Daily briefs of the top news stories impacting Christians around the world.
In today's edition:
- Vote on Gay Rabbis Scheduled for Dec. 6
- Assyrian Christians ’Most Vulnerable Population’ in Iraq
- Cuban Prosecutor Recommends Acquittal of Church Leader
- Churches Reaching Men through Outdoors Ministries
Vote on Gay Rabbis Scheduled for Dec. 6
Scholars who interpret religious law for Conservative Judaism might soon ease their ban on ordaining gays, testing not only the unity of their movement but also their relations with the wider Jewish community, the Associated Press reports. The Committee on Jewish Law and Standards was scheduled to vote on the issue in a closed-door session Wednesday. Under the panel's complex voting system, more than one policy could be adopted, leaving seminaries and synagogues to decide on their own which approach to follow. Rabbi Jerome Epstein has been telling congregations for months to prepare for the outcome, predicting the panel would approve one policy liberalizing the ban and another affirming it.
Assyrian Christians ’Most Vulnerable Population’ in Iraq
Assyrians were joined by faith-based leaders and religious freedom activists on Monday, December 4, in a White House rally to call U.S. political leaders to “save” Iraq's “most vulnerable population.” ASSIST News Service reports that Christians for Assyrians of Iraq (CAI) organized a rally to raise awareness of the plight of Iraq's Assyrian Christian population which has been called a humanitarian crisis. “This should be a priority because Assyrian Christians are the indigenous people of Iraq and many people don't know that,” explained Paul Isaac, one of the rally's organizers. “Because of their small population, weak status, and lack of regional support they have no one to protect them from all the violence.”
Cuban Prosecutor Recommends Acquittal of Church Leader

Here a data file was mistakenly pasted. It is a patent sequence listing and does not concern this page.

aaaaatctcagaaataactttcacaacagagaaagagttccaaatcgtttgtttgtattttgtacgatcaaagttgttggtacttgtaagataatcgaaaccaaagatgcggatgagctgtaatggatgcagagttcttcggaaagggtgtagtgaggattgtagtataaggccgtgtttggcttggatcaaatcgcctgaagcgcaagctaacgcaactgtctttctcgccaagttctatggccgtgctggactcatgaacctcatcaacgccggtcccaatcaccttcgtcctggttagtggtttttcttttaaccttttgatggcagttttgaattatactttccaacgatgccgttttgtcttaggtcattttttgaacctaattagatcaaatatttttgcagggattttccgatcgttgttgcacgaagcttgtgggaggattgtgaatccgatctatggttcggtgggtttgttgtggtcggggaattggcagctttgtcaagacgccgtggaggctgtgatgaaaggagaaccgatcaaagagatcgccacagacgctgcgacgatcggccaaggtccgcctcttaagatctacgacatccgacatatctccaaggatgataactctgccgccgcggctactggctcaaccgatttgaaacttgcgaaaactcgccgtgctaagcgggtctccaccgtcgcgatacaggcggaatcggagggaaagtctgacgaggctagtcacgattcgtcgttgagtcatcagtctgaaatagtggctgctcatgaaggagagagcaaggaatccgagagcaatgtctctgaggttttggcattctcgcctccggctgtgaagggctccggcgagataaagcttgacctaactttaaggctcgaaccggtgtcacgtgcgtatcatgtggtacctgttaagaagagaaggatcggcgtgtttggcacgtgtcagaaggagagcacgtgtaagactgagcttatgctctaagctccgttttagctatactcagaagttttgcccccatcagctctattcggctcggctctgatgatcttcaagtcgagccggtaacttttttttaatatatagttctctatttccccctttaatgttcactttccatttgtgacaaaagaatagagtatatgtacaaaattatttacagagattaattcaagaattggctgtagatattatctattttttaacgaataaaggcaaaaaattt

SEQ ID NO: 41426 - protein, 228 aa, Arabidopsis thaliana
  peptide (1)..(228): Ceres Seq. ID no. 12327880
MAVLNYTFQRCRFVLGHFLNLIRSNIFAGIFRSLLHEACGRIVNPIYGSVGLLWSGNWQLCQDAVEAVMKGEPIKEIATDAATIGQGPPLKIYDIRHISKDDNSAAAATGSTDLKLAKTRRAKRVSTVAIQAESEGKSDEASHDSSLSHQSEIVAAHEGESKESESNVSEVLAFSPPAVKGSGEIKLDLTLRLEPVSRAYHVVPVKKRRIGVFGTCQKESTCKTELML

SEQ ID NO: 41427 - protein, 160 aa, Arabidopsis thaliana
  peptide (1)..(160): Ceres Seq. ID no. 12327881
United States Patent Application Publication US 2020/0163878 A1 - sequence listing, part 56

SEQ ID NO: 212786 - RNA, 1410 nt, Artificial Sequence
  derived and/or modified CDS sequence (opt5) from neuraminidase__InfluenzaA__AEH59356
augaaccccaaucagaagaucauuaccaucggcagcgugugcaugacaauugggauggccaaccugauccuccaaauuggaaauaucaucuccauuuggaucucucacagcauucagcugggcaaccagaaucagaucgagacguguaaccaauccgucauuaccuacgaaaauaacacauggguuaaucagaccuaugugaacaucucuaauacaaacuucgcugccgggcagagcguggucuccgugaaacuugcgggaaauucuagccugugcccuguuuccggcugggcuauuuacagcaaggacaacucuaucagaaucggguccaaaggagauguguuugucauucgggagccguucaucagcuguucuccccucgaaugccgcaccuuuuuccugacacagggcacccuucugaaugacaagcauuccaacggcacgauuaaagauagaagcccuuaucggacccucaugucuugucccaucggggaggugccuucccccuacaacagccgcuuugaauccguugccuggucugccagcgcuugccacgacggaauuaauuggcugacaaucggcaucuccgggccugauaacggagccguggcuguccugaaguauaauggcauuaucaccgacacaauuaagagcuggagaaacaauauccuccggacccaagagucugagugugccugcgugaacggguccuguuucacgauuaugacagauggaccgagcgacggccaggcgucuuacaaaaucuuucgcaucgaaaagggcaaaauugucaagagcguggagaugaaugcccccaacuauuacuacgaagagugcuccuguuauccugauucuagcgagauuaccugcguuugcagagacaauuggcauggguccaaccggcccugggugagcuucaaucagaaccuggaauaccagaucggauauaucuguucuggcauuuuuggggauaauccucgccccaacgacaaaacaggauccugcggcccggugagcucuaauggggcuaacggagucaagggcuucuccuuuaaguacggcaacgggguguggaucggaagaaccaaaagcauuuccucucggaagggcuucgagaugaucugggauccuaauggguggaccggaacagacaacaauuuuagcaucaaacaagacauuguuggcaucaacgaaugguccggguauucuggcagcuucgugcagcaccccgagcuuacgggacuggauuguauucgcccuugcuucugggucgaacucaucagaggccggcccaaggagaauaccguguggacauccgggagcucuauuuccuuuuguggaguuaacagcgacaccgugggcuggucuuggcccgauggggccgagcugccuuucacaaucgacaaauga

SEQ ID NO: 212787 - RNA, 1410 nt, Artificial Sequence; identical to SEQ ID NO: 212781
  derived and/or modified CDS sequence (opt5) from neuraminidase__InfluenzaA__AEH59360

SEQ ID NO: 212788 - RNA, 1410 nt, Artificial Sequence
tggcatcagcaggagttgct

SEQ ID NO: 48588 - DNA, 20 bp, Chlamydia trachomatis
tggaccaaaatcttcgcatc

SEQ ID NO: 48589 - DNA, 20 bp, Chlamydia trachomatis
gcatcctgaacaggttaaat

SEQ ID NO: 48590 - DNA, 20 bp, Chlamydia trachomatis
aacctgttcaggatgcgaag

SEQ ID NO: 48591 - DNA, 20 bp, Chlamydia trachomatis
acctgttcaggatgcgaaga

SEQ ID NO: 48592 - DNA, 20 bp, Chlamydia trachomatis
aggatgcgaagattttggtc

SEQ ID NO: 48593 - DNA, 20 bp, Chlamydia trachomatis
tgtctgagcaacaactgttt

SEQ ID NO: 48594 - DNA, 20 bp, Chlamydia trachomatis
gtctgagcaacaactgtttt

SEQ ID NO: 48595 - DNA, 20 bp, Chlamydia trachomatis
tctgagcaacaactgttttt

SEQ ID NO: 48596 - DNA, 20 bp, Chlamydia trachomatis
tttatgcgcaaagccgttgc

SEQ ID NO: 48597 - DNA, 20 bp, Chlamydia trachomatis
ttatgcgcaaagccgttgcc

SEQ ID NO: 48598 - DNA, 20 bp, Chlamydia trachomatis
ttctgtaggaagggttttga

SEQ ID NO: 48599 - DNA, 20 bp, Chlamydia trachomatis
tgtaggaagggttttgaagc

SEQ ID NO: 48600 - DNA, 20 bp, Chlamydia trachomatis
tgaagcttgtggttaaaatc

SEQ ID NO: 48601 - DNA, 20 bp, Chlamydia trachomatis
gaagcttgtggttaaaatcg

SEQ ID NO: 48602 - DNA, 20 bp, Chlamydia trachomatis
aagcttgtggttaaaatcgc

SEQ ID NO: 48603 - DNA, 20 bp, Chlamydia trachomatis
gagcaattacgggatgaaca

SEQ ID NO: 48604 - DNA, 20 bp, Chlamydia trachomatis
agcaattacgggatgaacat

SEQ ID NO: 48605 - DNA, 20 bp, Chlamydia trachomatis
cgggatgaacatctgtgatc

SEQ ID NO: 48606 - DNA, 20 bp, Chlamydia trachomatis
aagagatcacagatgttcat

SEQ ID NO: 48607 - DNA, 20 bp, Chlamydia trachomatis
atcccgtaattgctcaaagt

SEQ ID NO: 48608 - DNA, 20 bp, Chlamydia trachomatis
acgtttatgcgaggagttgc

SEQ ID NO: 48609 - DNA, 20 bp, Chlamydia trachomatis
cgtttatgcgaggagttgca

A prosecuting attorney in Havana on Monday (December 4) recommended that the Rev. Carlos Lamelas be acquitted of all charges of trafficking in illegal emigrants, Compass Direct News reports. Those accusations had sent the evangelical pastor and former national president of his church to jail for more than four months earlier this year. Despite the motion for acquittal, Lamelas’s future still remains in doubt. “The trial is now at the stage of determining sentence, and we must await the judges’ decision,” Lamelas said. “The worst part is that we have to keep waiting possibly for one or two months more.”
Churches Reaching Men through Outdoors Ministries
More ministers like William Johnson in Montana are realizing the importance and popularity of outdoor recreation, as well as the ministry potential. Baptist Press reports Johnson's congregation, Gallatin Valley Baptist Fellowship in Manhattan, Mont., hosts sportsmen’s rallies for hunters and fishermen in his area. “The weekends are the only times when men who hold full time jobs get to enjoy these activities," Johnson said. "They place recreation as a higher priority than coming to church on Sunday mornings. If we offer a rally during the work week, they make time to come." The rally allows Johnson and other church members to meet many men who have never been involved in a church. It also offers an opportunity for men in the church to use their passions for God. “It has helped us gain the image that we meet people where they are instead of just inviting them to come join us," Johnson said. Additionally, Southeastern Baptist Theological Seminary is partnering with God’s Great Outdoors, Inc. to offer the Trail to Adventure Training Conference on the seminary campus Wake Forest, N.C., Jan. 5-6. Pastors, lay leaders and other interested individuals can learn ways to implement outdoor ministries.